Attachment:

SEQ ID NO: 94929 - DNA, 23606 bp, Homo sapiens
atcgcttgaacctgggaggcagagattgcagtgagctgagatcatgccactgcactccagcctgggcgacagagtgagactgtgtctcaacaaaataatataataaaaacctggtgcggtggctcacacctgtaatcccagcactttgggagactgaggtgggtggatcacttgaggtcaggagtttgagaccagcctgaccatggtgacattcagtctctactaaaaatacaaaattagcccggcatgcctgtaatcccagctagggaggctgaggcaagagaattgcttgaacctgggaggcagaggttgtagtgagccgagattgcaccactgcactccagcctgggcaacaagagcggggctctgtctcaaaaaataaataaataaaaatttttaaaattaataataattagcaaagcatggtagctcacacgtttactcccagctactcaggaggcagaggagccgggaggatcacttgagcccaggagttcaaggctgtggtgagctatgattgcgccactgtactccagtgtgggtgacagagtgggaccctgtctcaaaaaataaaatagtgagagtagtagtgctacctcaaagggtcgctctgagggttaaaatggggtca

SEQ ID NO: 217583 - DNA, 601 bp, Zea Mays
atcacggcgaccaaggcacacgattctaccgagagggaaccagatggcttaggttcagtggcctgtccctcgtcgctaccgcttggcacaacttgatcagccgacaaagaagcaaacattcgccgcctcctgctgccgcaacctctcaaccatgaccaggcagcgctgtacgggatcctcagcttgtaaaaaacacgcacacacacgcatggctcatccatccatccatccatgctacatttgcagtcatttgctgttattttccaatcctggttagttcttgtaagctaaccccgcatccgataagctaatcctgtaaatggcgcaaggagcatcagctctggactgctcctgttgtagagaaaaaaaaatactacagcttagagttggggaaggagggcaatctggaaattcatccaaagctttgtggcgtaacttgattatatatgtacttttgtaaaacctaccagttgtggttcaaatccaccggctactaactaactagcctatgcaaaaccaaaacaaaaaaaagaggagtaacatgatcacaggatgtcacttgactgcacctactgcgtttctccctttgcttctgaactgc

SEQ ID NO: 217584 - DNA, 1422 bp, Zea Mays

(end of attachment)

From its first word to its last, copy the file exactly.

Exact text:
SEQ ID NO: 94929 - DNA, 23606 bp, Homo sapiens
atcgcttgaacctgggaggcagagattgcagtgagctgagatcatgccactgcactccagcctgggcgacagagtgagactgtgtctcaacaaaataatataataaaaacctggtgcggtggctcacacctgtaatcccagcactttgggagactgaggtgggtggatcacttgaggtcaggagtttgagaccagcctgaccatggtgacattcagtctctactaaaaatacaaaattagcccggcatgcctgtaatcccagctagggaggctgaggcaagagaattgcttgaacctgggaggcagaggttgtagtgagccgagattgcaccactgcactccagcctgggcaacaagagcggggctctgtctcaaaaaataaataaataaaaatttttaaaattaataataattagcaaagcatggtagctcacacgtttactcccagctactcaggaggcagaggagccgggaggatcacttgagcccaggagttcaaggctgtggtgagctatgattgcgccactgtactccagtgtgggtgacagagtgggaccctgtctcaaaaaataaaatagtgagagtagtagtgctacctcaaagggtcgctctgagggttaaaatggggtca

SEQ ID NO: 217583 - DNA, 601 bp, Zea Mays
atcacggcgaccaaggcacacgattctaccgagagggaaccagatggcttaggttcagtggcctgtccctcgtcgctaccgcttggcacaacttgatcagccgacaaagaagcaaacattcgccgcctcctgctgccgcaacctctcaaccatgaccaggcagcgctgtacgggatcctcagcttgtaaaaaacacgcacacacacgcatggctcatccatccatccatccatgctacatttgcagtcatttgctgttattttccaatcctggttagttcttgtaagctaaccccgcatccgataagctaatcctgtaaatggcgcaaggagcatcagctctggactgctcctgttgtagagaaaaaaaaatactacagcttagagttggggaaggagggcaatctggaaattcatccaaagctttgtggcgtaacttgattatatatgtacttttgtaaaacctaccagttgtggttcaaatccaccggctactaactaactagcctatgcaaaaccaaaacaaaaaaaagaggagtaacatgatcacaggatgtcacttgactgcacctactgcgtttctccctttgcttctgaactgc

SEQ ID NO: 217584 - DNA, 1422 bp, Zea Mays